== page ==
Star –Viggo Mortensen
My Rating ****
Genre – Drama/Comedy
Run Time – 1 Hr 38 Minutes.
Certificate – 18
Country – U.S.A
Oscars – 1 nomination
Awards – 14 Wins & 43 Nominations
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So Captain Fantastic, and a third Best Actor Oscar nomination for Vigo Mortensen( Green Book and Eastern Promises) but not to be third time lucky, the first actor to be nominated in a film not up for any other major Oscars in a very long time, such was his eye-catching performance here. It’s from actor turned director Matt Ross, and based loosely on Matt’s experiences growing up as a hippy child of the Indianapolis woods, the theme of this enjoyable comedy drama.
There are not as many enjoyable films of this type around and so when one gets highly rated by all you have to take a look. Viggo quickly went all method and serious with his acting over the years and so this one was a nice diversion from that stuff. He does about one film a year these days and only two projects for the next three years.
Viggo Mortensen … Ben
George MacKay … Bodevan
Samantha Isler … Kielyr
Annalise Basso … Vespyr
Nicholas Hamilton … Rellian
Shree Crooks … Zaja
Charlie Shotwell … Nai
Trin Miller … Leslie
Kathryn Hahn … Harper
Steve Zahn … Dave
Elijah Stevenson … Justin
Teddy Van Ee … Jackson
Erin Moriarty … Claire
Missi Pyle … Ellen
Frank Langella … Jack
Ben Cash (Viggo) lives out in the woods in an old cabin with his kids living anti capitalist lifestyle where he home schools them in an unconventional way, everything from rock climbing to Noam Chomsky on the syllabus. The kids seem to love it and intelligent and self-sufficient like no other, if somewhat disconnected from the real world they rarely visit.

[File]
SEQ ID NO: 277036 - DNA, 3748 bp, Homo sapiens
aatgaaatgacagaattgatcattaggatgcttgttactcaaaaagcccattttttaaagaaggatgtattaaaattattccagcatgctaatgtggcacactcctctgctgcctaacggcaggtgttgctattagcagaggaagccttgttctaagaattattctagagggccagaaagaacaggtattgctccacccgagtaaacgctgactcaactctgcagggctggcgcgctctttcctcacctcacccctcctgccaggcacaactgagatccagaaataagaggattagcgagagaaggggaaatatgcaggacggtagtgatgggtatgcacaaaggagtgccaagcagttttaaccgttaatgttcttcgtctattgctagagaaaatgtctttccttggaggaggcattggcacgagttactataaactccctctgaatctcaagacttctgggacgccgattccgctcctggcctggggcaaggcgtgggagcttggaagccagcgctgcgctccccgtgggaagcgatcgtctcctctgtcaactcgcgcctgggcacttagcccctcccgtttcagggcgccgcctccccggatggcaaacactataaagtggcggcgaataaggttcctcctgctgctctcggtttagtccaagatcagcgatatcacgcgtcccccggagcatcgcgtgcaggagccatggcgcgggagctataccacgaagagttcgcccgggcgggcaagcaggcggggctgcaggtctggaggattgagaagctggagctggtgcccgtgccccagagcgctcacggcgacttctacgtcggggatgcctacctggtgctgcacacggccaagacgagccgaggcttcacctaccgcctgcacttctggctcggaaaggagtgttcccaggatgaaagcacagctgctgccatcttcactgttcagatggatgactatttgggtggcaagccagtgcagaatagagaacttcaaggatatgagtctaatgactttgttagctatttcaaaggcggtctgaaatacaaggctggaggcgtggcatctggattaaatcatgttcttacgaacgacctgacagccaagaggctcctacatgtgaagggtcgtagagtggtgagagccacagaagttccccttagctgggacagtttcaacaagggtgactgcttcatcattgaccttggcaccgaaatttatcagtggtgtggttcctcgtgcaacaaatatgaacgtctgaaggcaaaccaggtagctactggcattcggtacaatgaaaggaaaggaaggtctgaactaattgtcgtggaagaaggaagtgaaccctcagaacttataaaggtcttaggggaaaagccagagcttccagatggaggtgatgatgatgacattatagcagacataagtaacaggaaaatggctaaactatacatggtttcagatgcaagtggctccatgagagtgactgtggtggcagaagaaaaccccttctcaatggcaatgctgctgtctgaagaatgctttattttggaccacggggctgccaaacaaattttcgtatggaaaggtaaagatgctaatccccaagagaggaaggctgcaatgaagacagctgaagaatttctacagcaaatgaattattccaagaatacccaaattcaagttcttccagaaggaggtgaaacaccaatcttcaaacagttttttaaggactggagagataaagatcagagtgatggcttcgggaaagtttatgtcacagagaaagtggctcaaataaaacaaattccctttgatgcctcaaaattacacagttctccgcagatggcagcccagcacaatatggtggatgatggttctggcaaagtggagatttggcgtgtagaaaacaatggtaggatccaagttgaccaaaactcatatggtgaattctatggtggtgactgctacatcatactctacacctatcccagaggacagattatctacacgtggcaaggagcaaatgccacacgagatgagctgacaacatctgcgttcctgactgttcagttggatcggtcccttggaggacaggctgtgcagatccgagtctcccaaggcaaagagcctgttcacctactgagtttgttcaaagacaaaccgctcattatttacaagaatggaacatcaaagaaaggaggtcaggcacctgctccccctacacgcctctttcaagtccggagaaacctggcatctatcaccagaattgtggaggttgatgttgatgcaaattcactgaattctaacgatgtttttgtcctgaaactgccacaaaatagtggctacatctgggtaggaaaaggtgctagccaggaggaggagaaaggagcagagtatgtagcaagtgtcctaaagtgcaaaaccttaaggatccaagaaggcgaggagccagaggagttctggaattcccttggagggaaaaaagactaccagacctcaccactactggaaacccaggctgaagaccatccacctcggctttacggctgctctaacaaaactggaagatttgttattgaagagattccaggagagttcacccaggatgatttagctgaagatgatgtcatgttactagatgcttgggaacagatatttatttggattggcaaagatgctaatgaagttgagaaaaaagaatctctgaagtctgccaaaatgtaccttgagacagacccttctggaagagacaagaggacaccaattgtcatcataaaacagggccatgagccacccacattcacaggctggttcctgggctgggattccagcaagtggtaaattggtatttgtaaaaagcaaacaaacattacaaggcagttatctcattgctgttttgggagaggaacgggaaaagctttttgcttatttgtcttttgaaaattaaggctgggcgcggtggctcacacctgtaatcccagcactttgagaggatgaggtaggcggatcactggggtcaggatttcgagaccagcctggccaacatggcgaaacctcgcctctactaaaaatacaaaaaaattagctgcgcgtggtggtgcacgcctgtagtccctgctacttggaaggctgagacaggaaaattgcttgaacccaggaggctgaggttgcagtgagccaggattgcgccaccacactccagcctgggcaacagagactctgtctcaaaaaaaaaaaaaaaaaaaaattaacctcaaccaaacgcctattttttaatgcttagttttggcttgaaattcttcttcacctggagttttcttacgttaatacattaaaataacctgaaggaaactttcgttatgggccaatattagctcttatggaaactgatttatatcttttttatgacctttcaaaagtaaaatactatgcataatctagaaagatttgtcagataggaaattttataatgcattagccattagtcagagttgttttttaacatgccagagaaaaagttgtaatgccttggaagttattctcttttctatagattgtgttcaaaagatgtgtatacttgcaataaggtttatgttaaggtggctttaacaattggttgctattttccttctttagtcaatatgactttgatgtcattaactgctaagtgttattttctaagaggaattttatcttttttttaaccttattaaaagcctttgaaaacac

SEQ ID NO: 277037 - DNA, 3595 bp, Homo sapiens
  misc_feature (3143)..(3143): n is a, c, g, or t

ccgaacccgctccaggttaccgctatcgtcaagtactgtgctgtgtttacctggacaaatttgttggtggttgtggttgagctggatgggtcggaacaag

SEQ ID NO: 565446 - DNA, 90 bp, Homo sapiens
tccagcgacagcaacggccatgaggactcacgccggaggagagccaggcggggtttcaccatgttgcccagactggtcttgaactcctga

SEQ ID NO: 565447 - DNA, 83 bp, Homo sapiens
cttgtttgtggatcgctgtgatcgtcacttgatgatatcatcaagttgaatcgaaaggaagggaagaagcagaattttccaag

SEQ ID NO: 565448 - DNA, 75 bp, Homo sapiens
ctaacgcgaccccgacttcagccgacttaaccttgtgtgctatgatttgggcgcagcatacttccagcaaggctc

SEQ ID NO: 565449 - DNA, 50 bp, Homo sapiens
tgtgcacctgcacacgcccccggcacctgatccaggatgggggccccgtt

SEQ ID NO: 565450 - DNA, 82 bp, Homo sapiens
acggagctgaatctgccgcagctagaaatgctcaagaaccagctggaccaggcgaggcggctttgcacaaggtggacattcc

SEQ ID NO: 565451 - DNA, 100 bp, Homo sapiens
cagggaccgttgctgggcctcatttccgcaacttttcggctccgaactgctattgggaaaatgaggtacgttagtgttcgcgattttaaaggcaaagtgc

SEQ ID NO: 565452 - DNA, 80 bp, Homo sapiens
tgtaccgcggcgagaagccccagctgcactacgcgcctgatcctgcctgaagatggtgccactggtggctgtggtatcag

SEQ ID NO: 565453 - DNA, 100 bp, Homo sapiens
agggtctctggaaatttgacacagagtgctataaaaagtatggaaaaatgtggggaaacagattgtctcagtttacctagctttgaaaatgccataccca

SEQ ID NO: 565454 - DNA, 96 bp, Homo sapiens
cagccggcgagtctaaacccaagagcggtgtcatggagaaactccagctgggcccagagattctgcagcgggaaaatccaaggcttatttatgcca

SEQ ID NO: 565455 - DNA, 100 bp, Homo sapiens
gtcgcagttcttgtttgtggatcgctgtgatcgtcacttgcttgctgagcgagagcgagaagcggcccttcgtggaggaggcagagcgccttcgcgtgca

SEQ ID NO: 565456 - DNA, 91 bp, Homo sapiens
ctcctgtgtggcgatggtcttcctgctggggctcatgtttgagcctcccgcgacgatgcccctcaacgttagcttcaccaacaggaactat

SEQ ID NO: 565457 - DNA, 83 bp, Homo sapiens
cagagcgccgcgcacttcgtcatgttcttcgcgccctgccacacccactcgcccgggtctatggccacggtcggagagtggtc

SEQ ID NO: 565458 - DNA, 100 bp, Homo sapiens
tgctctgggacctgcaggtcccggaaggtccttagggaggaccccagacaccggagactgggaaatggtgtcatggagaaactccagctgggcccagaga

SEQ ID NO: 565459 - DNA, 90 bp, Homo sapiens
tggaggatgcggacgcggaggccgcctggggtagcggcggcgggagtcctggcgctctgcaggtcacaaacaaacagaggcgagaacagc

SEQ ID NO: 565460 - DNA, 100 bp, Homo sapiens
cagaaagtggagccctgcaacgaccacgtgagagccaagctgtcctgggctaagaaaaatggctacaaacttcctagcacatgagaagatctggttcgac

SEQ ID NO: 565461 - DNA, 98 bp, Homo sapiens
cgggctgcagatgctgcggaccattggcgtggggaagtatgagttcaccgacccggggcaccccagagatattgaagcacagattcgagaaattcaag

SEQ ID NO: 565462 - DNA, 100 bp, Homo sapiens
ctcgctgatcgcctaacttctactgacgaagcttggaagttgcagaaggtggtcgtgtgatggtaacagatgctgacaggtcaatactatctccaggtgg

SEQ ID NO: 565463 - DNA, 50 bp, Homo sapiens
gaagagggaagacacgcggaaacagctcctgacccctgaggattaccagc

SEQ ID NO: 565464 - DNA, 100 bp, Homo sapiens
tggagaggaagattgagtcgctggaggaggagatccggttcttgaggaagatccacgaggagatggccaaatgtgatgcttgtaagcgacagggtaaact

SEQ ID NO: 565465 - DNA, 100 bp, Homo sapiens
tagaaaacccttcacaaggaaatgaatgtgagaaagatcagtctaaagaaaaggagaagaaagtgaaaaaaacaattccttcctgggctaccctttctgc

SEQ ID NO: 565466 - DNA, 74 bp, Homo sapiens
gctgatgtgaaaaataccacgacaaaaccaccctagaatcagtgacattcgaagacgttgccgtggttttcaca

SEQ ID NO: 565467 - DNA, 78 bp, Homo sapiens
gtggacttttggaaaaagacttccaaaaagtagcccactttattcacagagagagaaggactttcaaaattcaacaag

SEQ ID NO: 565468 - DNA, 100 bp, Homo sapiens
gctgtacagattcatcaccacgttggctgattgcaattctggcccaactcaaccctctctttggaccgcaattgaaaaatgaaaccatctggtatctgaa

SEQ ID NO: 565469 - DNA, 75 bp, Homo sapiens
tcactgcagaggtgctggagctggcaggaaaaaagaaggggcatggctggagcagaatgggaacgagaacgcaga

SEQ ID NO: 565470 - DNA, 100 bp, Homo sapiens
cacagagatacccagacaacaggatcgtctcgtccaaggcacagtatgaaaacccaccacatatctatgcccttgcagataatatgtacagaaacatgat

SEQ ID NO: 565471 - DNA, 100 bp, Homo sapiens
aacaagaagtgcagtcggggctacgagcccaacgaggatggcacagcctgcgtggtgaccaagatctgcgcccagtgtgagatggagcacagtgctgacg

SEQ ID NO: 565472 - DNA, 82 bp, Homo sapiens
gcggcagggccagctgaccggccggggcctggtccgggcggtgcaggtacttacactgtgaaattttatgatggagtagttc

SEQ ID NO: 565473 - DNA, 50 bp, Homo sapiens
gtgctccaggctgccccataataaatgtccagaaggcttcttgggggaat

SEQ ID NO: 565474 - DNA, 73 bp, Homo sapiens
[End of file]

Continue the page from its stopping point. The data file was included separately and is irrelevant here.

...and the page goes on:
But they are about to visit that world as they pack themselves into a converted yellow school bus after Ben receives the bad news at the local store that Leslie(, his wife and their mom, has died after being hospitalized for depression. Whilst at the store the kids collect the mail dad has been withholding from them. They demand to see mom and so it’s off to the funeral on a road trip to reconnect with the world and their more conventional relatives.
They stay with Ben’s sister-in-law Clair (Erin Moriarty) and husband David (Teddy Van Ee), who quickly questions his parenting skills. But Ben’s kids are way smarter than hers. Leslie’s dad Jack (Frank Langella) blames Ben for her death and not best pleased he is here. As the funeral nears tension rise and the family storm the church in eccentric garb, Ben claiming his wife is Buddhist and should be cremated, and so the family chaos begins.
Not a bad little film here that’s funny and inventive. Viggo is charismatic and commanding in the lead and the young family cast around him as funny and energetic. These types of antiestablishment families really do exist in America and quite plentiful, whole communities of them down in the South along the Bayous and deep in the woods.
It’s intelligently scripted with solid laughs and set pieces and flows nicely so not to get bored. It asks questions about how numbing state education is and maybe out kids do need a more rounded education although this lots version somewhat questionable, the killing of deer scene perhaps a little too far. This is no Deliverance deal though and the kids aware and middle class so very much about that conflict than backwoodsman stuff.
Highly recommend it and its very high 7.9 rating on IMDB unusual for this type of mid budget drama and well worth it. Viggo at his best and one to watch out for on DVD or TV.
Imdb.com – 7.9 /10.0 (158,234votes)
Rottentomatos.com – 82% critic’s approval
Metacritic.com – 72% critic’s approval